An investigation by Greece’s national transparency watchdog has found no basis for reports that Greek authorities have pushed back asylum seekers trying to enter the country from Turkey.
Greece's National Transparency Authority (NTA) has announced that an in-depth investigation into claims that Greek coast guard authorities were involved in illegal pushbacks of asylum seekers had found no evidence to support the allegations.
A large number of European media outlets, including Spiegel, Lighthouse Reports, and the French daily Libération, last year said that special units of the Greek coast guard were involved in turning migrants around at sea. The Greek government has consistently denied the practice, known as pushbacks.
In a statement on Tuesday the NTA said the allegations of what it called "informal forced returns" of asylum seekers by masked men "were not confirmed."
"Upon completion of the examination process and the laboratory examination of the relevant material, no supporting evidence emerged,'' the statement said.
The NTA investigation, which began last November, included visits to the eastern Aegean Sea islands where migrant boats from Turkey arrive, and to the northeastern land border.
The authority said it conducted interviews with Greek security services, local residents and asylum-seekers. It said it also examined video and photos connected with the allegations, with the assistance of the Greek police.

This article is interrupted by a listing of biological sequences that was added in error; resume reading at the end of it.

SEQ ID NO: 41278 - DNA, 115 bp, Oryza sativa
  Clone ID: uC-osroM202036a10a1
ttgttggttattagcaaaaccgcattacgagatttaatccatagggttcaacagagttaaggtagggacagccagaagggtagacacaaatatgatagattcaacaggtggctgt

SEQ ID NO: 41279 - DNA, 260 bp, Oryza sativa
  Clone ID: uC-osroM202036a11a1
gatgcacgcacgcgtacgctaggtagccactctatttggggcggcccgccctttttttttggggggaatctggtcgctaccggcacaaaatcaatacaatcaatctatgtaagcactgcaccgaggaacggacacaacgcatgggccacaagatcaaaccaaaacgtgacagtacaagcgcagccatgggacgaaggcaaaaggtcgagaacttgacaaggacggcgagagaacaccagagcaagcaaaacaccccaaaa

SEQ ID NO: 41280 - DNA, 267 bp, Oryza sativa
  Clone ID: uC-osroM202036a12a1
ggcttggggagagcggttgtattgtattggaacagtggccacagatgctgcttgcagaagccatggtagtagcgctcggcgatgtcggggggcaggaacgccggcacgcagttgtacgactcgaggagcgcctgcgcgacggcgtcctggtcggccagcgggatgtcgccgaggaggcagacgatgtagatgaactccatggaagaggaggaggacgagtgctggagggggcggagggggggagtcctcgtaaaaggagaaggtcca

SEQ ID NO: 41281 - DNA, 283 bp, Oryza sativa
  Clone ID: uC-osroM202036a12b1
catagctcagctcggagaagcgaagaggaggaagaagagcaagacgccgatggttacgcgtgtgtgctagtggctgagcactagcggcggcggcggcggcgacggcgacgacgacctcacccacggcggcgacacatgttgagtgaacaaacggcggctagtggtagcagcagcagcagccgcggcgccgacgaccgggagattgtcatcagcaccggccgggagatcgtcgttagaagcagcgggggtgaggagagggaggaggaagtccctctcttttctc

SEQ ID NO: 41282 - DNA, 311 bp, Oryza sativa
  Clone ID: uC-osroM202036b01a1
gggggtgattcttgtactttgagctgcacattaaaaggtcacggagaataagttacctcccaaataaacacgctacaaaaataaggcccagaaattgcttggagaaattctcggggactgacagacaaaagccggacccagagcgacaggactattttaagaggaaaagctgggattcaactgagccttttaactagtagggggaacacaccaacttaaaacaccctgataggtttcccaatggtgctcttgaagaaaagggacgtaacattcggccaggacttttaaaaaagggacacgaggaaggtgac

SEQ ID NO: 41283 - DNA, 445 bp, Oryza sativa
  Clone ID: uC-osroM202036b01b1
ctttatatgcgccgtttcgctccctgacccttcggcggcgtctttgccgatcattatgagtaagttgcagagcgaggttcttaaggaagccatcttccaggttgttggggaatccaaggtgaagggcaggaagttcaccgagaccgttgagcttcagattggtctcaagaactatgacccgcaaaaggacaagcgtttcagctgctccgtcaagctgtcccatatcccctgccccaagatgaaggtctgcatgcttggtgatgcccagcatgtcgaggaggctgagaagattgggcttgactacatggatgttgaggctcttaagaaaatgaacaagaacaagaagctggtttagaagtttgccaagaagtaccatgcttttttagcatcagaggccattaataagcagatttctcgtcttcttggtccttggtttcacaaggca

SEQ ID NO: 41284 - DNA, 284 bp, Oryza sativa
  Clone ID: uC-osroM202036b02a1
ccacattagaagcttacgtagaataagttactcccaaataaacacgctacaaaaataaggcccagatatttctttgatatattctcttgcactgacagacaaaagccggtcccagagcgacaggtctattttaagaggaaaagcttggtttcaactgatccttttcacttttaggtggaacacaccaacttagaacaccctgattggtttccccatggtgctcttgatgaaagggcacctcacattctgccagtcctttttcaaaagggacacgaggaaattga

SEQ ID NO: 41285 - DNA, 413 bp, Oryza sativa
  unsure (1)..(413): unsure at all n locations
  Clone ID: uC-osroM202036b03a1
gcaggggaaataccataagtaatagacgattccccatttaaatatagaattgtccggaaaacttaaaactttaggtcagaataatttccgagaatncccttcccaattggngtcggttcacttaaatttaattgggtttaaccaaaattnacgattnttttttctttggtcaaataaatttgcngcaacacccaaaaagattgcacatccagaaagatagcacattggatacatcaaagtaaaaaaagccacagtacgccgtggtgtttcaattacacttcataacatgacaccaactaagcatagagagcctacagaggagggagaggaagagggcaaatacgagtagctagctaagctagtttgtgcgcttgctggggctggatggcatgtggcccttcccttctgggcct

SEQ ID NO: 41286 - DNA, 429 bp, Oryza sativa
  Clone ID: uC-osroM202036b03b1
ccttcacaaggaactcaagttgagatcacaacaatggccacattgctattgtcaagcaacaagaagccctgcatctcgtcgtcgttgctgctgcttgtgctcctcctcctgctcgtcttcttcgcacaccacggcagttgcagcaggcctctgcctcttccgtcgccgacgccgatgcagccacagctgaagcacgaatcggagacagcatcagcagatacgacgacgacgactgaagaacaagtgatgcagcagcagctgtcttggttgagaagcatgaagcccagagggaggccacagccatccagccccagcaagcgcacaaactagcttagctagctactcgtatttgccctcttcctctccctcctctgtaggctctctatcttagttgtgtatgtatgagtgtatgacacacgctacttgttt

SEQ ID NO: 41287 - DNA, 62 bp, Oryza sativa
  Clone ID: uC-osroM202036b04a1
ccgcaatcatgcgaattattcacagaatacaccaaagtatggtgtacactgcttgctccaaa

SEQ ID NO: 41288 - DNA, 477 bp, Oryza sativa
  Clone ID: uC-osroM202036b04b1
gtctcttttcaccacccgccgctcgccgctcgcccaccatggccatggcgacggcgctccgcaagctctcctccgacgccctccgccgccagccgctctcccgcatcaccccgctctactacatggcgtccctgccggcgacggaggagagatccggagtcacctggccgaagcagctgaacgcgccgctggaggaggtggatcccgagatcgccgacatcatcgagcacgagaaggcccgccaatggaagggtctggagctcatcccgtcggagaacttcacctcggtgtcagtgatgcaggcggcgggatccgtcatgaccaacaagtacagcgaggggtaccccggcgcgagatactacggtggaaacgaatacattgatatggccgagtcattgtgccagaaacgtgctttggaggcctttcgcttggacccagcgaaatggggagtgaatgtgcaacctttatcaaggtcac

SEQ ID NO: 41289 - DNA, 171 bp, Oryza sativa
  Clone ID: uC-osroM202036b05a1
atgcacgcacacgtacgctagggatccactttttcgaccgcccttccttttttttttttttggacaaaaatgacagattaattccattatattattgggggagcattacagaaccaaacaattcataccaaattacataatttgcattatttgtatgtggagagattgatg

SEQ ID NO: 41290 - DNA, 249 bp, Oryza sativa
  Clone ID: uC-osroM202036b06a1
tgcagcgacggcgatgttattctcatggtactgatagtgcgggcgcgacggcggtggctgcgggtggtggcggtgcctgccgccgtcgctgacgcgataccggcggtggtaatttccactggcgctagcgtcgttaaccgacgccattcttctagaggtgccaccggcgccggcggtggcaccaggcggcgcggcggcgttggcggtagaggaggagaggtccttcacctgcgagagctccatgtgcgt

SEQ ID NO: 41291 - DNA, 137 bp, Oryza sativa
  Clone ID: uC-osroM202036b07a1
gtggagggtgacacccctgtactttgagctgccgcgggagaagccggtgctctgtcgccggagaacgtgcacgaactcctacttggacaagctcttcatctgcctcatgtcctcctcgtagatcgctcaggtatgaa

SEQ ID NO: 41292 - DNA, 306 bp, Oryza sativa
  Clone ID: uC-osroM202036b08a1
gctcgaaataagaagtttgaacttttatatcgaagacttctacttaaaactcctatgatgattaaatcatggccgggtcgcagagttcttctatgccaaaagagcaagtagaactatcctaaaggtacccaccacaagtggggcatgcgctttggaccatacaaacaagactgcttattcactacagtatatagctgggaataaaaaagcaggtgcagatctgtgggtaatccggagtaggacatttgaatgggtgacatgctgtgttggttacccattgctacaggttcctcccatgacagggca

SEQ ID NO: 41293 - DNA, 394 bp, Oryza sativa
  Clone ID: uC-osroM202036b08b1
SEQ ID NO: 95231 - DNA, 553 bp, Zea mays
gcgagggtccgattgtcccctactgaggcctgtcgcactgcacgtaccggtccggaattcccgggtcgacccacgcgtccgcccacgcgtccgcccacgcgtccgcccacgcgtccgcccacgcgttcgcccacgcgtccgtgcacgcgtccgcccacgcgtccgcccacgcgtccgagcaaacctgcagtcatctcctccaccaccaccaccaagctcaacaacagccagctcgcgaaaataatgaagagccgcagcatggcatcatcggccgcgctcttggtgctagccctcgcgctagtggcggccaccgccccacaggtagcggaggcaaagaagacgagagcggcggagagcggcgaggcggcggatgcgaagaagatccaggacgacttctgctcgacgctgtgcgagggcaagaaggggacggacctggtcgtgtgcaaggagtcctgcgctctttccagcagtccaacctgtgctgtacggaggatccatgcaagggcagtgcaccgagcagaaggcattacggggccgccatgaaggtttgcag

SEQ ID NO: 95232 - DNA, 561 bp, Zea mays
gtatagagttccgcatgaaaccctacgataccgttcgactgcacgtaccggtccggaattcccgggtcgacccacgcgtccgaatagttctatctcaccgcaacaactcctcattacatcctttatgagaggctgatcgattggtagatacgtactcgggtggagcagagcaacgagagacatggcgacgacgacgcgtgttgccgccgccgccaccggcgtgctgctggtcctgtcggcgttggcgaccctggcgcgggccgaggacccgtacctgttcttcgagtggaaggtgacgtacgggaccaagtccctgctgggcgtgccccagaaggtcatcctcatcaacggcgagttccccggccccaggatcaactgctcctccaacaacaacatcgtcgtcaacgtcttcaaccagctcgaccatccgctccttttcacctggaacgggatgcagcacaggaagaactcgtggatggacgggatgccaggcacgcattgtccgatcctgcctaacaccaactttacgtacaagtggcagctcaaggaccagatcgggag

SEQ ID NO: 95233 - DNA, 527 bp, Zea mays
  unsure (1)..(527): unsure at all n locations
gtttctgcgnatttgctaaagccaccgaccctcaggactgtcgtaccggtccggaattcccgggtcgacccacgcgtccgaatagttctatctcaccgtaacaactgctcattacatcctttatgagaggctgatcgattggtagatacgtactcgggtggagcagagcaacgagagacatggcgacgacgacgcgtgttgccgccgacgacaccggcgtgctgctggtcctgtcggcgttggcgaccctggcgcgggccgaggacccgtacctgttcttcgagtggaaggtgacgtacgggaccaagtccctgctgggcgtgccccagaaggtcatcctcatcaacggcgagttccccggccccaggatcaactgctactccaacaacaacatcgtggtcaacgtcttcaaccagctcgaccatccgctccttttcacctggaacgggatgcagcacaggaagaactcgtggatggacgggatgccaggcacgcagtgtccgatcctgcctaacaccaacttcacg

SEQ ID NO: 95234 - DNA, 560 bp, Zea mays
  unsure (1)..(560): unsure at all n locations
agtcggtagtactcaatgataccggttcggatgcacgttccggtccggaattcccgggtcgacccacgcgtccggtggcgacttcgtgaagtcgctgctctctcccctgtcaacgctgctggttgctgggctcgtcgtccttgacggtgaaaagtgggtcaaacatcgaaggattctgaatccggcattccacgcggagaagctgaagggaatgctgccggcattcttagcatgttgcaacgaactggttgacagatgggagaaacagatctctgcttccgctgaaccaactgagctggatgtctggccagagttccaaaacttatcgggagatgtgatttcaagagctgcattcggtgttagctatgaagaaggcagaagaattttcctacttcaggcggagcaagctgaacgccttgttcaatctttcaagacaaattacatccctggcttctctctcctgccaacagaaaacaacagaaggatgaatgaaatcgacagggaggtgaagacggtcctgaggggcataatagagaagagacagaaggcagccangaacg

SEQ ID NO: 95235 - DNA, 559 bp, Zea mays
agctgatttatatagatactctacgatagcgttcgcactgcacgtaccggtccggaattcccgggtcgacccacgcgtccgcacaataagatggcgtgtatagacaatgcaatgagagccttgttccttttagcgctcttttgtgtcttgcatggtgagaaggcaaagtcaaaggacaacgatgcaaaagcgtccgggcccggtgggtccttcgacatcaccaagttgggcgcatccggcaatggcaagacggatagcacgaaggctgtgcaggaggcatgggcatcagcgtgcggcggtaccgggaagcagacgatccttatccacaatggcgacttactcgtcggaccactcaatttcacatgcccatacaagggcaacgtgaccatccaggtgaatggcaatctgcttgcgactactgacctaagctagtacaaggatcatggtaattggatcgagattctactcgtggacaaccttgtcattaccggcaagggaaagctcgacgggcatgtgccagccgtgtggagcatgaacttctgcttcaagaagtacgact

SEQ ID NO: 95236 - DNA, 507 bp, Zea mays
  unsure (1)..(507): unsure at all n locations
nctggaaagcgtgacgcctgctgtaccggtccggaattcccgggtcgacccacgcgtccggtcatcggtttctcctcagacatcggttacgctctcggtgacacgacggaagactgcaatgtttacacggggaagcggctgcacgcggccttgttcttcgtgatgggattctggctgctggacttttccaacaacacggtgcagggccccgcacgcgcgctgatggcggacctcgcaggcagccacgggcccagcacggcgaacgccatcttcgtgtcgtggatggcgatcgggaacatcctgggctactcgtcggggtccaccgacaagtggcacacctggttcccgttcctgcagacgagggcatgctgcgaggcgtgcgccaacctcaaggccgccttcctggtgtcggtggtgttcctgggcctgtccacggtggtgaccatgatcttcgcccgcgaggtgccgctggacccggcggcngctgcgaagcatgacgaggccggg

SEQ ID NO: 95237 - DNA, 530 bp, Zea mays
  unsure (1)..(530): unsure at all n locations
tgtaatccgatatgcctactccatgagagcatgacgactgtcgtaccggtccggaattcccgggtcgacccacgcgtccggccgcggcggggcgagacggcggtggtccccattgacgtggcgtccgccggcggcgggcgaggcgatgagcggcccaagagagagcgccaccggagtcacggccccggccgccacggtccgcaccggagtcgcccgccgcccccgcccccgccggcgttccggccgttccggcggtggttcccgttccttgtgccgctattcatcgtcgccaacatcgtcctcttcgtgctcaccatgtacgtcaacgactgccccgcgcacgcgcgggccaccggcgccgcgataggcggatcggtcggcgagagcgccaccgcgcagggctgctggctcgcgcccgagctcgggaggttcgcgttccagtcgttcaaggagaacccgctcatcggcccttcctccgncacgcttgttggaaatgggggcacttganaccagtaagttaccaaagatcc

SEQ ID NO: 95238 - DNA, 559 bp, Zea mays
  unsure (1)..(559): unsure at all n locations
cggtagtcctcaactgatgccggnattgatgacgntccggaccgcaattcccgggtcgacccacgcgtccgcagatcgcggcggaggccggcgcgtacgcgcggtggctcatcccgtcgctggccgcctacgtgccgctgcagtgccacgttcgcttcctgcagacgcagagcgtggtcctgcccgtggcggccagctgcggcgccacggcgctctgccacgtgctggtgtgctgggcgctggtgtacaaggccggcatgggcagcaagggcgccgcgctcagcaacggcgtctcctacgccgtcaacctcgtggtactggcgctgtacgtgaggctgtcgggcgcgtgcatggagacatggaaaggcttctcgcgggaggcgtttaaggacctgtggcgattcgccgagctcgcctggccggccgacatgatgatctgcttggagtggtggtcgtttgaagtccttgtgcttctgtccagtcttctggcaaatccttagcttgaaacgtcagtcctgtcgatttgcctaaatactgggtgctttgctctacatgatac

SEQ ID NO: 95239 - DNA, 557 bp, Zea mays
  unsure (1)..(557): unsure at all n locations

The UN High Commissioner for Refugees, Filippo Grandi, recently stated that the agency was alarmed about "recurrent and consistent reports" of pushbacks.
He said the UNHCR had recorded nearly 540 reported incidents of informal returns by Greece since the start of 2020 and he feared that such practices were becoming "normalized".
Last year's joint investigation by Lighthouse Reports (LR) and other media outlets collected and analyzed 635 videos of alleged pushbacks in the Aegean Sea.
According to the group, current and former senior officers in the Greek coast guard reviewed the material and identified masked men who appeared in the videos as members of elite Greek coast guard units.
In February this year, LR also published claims that a new tactic had been deployed by the Greek coastguard of throwing small groups of asylum seekers overboard and making them swim to turkey. The claims centered around the deaths of Sidy Keita from Ivory Coast and Didier Martial Kouamou Nana from Cameroon, who were captured by Greek authorities, beaten and thrown into the sea without life jackets, according to LR.
In the meantime a confidential report about a separate investigation by the European Anti-Fraud Office OLAF has found that Fabrice Leggeri, the chief of the EU border agency Frontex, tried to cover up information that Greek officials carried out pushbacks in the Aegean Sea.
This month Front-LEX, a non-government organization which says its aim is to restore law at Europe's borders, filed a lawsuit against Frontex on behalf of a Syrian asylum seeker, Alaa H.
In the first legal action of its kind, Alaa H. claims that Greek authorities transferred him to a raft, left him at sea for 17 hours and expelled him to Turkey.